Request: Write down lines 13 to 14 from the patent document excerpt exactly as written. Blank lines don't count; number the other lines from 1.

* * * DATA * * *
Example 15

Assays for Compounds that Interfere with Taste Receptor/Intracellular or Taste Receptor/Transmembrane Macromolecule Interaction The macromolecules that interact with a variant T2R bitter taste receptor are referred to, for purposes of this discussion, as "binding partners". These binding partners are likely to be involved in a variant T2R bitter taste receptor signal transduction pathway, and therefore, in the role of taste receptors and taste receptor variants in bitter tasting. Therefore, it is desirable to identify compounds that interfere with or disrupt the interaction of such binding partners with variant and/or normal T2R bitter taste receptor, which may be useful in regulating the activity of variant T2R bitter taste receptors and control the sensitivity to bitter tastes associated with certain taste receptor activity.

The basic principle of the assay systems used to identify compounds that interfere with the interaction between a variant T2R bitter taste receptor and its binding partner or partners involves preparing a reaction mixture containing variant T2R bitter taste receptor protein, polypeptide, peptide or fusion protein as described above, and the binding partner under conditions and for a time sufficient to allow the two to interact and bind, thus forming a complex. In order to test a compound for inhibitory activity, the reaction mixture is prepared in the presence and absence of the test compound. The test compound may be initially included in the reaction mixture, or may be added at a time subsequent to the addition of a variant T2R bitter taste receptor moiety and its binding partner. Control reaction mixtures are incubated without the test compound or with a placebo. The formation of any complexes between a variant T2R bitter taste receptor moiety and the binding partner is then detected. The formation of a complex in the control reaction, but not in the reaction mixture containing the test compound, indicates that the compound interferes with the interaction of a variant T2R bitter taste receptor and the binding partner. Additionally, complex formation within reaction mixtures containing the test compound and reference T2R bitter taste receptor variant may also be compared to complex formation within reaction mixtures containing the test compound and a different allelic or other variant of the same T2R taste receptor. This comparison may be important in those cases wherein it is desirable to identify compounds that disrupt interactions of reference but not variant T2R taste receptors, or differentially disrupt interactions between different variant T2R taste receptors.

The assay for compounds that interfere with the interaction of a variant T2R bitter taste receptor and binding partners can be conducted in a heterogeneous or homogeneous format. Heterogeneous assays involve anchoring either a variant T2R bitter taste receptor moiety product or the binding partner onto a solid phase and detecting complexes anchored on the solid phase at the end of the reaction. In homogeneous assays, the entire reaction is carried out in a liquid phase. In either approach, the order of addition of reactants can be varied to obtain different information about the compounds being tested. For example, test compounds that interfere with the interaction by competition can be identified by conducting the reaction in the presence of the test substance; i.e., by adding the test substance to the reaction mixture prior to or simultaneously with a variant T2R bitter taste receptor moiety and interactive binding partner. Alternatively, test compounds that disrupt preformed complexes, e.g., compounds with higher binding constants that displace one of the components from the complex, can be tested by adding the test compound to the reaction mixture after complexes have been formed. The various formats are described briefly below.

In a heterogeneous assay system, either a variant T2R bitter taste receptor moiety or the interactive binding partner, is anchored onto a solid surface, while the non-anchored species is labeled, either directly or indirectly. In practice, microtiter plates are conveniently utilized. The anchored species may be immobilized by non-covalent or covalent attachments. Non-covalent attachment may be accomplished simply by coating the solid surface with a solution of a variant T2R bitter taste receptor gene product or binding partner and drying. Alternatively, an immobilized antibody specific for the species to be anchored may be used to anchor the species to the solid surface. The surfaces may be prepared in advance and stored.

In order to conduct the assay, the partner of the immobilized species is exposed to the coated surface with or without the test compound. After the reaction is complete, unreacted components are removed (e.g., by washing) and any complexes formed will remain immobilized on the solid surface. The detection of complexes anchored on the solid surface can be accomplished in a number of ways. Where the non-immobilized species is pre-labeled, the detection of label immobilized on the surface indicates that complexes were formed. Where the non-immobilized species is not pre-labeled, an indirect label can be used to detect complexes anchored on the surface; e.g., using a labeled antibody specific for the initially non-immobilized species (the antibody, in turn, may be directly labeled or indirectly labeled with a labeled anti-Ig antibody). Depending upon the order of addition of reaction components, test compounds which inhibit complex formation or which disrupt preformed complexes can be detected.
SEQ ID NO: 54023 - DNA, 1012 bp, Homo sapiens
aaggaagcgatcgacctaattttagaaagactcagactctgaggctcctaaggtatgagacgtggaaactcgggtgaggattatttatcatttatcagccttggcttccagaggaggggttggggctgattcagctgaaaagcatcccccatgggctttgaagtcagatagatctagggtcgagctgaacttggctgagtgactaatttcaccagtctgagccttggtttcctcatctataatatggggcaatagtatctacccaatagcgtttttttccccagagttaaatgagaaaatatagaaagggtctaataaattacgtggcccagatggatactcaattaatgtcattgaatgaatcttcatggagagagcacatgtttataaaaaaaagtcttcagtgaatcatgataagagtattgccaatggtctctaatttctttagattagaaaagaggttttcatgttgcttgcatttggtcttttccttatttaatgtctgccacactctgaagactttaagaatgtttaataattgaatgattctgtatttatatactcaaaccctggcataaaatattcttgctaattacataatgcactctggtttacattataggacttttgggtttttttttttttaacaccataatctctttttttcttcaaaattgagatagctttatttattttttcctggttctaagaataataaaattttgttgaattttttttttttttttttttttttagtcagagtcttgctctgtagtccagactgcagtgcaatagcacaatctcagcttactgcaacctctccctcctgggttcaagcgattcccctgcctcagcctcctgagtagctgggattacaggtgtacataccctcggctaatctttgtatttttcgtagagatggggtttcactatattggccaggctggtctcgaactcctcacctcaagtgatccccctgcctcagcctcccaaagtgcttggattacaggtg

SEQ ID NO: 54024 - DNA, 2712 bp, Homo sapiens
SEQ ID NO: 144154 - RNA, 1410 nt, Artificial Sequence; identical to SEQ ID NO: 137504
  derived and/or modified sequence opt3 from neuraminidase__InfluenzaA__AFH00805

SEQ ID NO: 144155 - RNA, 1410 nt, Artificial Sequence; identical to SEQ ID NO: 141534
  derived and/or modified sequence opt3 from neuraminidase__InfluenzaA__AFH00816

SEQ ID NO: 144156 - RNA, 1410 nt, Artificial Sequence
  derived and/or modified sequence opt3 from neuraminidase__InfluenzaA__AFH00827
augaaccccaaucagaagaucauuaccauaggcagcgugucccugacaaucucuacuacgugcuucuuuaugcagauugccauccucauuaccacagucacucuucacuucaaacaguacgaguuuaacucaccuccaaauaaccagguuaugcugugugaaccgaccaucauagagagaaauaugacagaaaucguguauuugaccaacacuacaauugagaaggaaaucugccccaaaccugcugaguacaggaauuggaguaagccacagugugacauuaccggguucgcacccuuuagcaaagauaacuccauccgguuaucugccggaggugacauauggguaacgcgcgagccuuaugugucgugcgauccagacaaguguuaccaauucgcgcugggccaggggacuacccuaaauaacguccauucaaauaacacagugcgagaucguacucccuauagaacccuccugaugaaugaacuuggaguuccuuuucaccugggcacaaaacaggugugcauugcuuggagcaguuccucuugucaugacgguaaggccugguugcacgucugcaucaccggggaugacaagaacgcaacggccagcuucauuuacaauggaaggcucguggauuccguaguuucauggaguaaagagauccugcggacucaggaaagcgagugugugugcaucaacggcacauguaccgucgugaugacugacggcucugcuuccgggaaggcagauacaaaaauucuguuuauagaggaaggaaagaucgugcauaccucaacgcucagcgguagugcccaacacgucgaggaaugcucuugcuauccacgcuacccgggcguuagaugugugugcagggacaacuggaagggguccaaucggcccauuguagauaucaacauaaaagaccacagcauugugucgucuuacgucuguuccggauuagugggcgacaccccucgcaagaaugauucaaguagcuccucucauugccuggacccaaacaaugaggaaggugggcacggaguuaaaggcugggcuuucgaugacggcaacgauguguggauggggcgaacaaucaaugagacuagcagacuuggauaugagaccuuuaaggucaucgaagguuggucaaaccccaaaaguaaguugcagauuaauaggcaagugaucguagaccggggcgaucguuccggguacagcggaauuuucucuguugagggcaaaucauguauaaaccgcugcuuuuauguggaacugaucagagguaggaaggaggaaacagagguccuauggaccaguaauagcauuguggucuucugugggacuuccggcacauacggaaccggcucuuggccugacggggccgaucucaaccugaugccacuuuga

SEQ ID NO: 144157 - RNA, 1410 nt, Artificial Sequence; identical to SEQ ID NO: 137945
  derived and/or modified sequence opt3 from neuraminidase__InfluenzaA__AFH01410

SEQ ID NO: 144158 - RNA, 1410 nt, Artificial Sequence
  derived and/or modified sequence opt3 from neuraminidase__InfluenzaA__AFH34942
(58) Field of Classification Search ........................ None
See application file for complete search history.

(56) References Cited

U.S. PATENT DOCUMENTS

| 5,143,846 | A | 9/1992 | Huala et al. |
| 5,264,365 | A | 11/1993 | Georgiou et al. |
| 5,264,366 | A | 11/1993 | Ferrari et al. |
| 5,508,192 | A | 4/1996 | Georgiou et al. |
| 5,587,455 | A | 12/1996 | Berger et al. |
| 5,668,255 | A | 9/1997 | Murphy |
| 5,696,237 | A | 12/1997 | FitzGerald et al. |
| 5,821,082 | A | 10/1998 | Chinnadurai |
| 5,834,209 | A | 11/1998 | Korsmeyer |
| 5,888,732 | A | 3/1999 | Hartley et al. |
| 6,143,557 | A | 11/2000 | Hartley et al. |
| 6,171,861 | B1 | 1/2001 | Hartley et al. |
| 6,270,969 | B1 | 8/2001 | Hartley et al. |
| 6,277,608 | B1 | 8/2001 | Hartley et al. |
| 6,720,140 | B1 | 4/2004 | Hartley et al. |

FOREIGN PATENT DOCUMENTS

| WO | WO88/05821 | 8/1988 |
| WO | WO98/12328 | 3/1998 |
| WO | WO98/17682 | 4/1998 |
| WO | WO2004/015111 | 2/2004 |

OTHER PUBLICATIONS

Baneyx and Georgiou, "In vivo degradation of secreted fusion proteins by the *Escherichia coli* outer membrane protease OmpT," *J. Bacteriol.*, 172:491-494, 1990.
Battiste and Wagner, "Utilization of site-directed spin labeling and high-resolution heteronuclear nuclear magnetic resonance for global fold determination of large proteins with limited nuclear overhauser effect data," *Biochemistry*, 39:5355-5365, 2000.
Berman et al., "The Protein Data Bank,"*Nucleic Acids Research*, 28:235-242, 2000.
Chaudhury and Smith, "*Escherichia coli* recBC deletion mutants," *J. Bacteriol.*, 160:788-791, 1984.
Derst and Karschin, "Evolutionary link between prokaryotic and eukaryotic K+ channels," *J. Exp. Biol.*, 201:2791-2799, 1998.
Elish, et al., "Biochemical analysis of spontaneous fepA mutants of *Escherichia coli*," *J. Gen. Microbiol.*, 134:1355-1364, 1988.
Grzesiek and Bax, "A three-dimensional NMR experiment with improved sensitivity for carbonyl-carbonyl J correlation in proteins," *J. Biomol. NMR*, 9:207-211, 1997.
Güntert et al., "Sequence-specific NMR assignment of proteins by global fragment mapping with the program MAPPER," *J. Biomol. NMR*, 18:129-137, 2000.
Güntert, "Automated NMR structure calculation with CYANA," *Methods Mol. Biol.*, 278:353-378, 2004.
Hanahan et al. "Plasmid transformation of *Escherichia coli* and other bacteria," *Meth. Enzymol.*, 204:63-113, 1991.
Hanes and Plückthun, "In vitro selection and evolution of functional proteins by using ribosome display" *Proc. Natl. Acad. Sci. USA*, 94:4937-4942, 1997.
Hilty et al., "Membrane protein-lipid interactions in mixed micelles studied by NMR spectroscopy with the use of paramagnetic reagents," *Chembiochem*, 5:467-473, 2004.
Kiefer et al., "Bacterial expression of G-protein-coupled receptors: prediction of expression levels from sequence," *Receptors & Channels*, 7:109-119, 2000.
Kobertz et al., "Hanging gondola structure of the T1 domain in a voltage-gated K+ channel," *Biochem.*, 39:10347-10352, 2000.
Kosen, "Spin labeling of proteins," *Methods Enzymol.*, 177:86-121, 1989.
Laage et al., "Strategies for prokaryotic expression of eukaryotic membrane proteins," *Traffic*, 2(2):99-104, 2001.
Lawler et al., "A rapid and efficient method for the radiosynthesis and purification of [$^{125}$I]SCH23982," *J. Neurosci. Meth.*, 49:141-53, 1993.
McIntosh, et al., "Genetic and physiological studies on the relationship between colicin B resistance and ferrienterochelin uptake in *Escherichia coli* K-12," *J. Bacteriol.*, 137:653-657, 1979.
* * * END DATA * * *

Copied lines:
  derived and/or modified sequence opt3 from neuraminidase__InfluenzaA__AFH00816

SEQ ID NO: 144156 - RNA, 1410 nt, Artificial Sequence